As we age, we're reluctant to look at our reflection in the mirror, but as we grow over time as musicians, the mirror of our playing in recorded "reflections" can foster quality adjustments in phrasing and interpretation. If we nudge ourselves to step back and be "objective" about what we're hearing, we may try to… Continue reading Mirrors and piano playing
Having recently started mentoring a new student whose principal instrument is guitar, I realized that repertoire offered at the beginner level requires the same sensitive understanding of phrasing, nuance, framing rhythm and the underlying singing tone that applies to music of greater complexity. (Not to overlook the common cultivation of all-embracing mindfulness, focus, and full… Continue reading No piece is too easy
Livia Rev, a seasoned pianist, ripened by her 99 years on earth, drew my attention during a You Tube search for performances of Chopin's Nocturne in F Major, Op. 15. (It was at a time when I was studying and teaching the composition.) The middle section of this work has a notable turbulent emotional shift… Continue reading Livia Rev, pianist, ripens with age
Most musicians fully appreciate the extra-musical "programmatic" content in works by Romantic era composers. Robert Schumann, for example, captures children playing tag by throwing "got you" accents on the downbeats of measures framed in sprightly staccato. (short, detached articulations) The aforementioned is well-illustrated in Schumann's colorful tableau, "Hasche-Mann"-"Blindman's Bluff" from Kinderszenen: (The vocabulary of art… Continue reading The Art and Music synthesis: Does it exist?
As piano teachers, we often devise spur of the moment, impromptu strategies to deal with redundant student glitches as they frequently play out in scales and arpeggios. In this creative teaching/learning universe, we can become quite imaginative as we integrate physically-based adjustments with mental cues and prompts that might ironically lead us to the "barnyard."… Continue reading Barnyard follies in the piano studio, or how imaginative prompts can improve technique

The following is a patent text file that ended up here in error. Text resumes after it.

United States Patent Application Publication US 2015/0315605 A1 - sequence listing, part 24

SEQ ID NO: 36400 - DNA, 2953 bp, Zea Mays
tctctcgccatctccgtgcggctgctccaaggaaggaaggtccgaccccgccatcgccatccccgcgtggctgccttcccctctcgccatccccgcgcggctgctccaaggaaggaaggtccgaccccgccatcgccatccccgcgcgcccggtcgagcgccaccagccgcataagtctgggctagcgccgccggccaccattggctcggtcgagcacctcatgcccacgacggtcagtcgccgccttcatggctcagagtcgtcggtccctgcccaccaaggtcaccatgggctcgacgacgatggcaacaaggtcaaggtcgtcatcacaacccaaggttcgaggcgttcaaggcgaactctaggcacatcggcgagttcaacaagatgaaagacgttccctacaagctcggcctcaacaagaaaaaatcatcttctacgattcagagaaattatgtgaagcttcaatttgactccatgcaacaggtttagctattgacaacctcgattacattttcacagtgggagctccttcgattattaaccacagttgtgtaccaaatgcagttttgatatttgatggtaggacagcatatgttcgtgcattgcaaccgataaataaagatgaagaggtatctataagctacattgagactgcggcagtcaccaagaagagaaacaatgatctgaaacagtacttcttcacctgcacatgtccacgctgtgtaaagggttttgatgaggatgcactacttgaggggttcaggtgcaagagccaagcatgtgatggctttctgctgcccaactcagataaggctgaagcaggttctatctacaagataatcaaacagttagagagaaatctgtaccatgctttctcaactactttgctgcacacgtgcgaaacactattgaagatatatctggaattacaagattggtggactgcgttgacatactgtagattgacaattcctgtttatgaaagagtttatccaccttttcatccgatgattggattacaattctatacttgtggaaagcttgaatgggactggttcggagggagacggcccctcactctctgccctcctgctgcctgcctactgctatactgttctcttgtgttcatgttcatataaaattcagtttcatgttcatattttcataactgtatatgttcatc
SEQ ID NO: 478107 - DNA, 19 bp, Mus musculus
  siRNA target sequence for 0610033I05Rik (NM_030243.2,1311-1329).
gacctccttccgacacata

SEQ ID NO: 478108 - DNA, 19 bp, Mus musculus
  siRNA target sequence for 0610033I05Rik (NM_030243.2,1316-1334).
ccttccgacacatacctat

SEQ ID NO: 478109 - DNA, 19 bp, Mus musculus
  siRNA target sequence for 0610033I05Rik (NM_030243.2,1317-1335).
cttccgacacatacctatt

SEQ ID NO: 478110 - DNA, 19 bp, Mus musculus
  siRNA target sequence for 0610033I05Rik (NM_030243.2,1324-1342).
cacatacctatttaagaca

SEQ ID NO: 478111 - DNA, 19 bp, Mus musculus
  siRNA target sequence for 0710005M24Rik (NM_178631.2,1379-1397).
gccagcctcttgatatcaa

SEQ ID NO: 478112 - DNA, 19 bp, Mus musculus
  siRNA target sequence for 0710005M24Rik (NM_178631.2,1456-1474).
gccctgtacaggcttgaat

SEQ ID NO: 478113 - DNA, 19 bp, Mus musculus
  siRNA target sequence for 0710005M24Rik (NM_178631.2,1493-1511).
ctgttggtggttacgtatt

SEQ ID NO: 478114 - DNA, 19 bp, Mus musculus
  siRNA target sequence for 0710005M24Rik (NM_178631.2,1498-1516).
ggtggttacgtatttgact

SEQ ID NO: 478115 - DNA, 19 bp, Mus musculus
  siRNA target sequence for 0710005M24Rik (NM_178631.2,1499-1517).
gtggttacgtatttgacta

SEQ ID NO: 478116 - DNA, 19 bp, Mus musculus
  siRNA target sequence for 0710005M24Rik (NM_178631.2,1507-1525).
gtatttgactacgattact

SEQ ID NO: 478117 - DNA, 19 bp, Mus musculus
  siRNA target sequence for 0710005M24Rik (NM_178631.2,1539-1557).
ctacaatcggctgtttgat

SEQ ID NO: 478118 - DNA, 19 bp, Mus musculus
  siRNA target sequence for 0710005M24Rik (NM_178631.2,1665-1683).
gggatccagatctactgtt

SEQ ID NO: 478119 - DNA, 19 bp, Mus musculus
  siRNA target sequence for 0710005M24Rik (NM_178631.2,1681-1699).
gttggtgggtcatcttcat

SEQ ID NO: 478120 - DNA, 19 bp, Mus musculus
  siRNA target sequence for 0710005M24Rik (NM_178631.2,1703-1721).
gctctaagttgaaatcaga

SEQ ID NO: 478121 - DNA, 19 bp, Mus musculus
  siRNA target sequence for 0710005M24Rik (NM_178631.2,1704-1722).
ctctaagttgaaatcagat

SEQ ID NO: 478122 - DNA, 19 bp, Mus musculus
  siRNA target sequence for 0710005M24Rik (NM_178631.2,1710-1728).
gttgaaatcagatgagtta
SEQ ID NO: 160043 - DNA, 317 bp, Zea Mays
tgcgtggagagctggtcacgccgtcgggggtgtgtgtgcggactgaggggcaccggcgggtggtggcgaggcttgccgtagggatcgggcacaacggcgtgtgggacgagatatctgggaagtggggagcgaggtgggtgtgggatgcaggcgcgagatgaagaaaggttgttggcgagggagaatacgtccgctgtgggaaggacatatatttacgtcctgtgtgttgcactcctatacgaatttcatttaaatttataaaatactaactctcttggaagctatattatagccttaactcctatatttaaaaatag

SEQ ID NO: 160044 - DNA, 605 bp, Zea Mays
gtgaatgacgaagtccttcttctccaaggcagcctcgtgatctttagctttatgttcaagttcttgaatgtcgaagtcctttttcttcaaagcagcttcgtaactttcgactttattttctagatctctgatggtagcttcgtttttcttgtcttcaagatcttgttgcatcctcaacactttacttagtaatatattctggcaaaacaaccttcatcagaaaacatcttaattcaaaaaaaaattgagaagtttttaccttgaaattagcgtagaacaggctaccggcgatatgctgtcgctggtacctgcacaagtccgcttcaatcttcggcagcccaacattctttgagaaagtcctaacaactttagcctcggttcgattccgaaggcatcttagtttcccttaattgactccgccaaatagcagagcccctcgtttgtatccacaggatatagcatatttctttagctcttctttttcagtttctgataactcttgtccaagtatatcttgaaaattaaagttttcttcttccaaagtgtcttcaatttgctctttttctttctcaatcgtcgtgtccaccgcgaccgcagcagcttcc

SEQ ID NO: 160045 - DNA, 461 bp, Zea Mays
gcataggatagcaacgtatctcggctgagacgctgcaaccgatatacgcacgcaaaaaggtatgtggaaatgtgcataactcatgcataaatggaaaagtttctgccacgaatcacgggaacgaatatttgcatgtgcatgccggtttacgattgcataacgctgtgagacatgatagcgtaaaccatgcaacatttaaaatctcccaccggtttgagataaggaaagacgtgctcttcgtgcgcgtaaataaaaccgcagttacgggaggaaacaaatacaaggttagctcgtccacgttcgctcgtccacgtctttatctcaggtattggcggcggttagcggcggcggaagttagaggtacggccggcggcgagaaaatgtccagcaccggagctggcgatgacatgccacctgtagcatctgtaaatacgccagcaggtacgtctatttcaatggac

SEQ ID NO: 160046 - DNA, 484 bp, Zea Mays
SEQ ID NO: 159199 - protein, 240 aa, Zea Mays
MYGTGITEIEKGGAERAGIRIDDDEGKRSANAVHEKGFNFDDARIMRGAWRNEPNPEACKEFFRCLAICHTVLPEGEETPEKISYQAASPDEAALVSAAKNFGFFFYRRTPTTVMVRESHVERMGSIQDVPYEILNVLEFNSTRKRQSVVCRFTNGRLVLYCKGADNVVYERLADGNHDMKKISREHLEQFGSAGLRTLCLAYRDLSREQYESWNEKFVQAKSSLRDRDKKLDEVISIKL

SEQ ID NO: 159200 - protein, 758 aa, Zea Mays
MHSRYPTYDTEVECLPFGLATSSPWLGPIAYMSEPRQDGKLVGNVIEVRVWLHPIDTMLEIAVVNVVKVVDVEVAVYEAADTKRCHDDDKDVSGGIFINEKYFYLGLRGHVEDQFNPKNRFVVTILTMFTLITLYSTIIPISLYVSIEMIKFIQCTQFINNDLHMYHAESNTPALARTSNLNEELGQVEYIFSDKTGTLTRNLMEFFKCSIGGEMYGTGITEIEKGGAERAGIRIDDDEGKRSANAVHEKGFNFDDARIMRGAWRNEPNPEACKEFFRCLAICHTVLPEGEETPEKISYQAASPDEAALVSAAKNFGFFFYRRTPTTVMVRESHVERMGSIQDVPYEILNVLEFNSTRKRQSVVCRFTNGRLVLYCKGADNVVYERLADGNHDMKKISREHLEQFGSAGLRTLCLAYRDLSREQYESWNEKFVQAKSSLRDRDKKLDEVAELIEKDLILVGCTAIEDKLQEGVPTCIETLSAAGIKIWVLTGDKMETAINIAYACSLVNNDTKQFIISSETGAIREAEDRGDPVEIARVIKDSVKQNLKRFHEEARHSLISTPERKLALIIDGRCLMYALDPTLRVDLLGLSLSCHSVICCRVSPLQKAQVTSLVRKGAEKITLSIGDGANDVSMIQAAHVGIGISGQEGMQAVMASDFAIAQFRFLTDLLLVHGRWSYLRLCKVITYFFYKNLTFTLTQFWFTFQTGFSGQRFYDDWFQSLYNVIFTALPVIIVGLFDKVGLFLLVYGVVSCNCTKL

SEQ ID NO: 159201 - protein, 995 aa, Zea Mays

If a student is well-prepared, having devoted quality time during the week to practicing scales, arpeggios, and pieces assigned, a lesson can contain a nice balance of ingredients. Barring holidays, long distance travel and time zone changes, most pupils will devote 15 to 20 minutes of their lesson to technique, and the remaining 40 minutes… Continue reading A balanced piano lesson of Technique and Repertoire
One of the fruits of forming a Short Story Book group, is meeting people who not only share an embrace of fine literature, but who might also enjoy a strong connection to the music world. Judith and Stan Jacobs fit nicely into this dual universe, having become members of my shrinking degrees of separation literary… Continue reading When Your Song Breaks the Silence: A book about Franz Schubert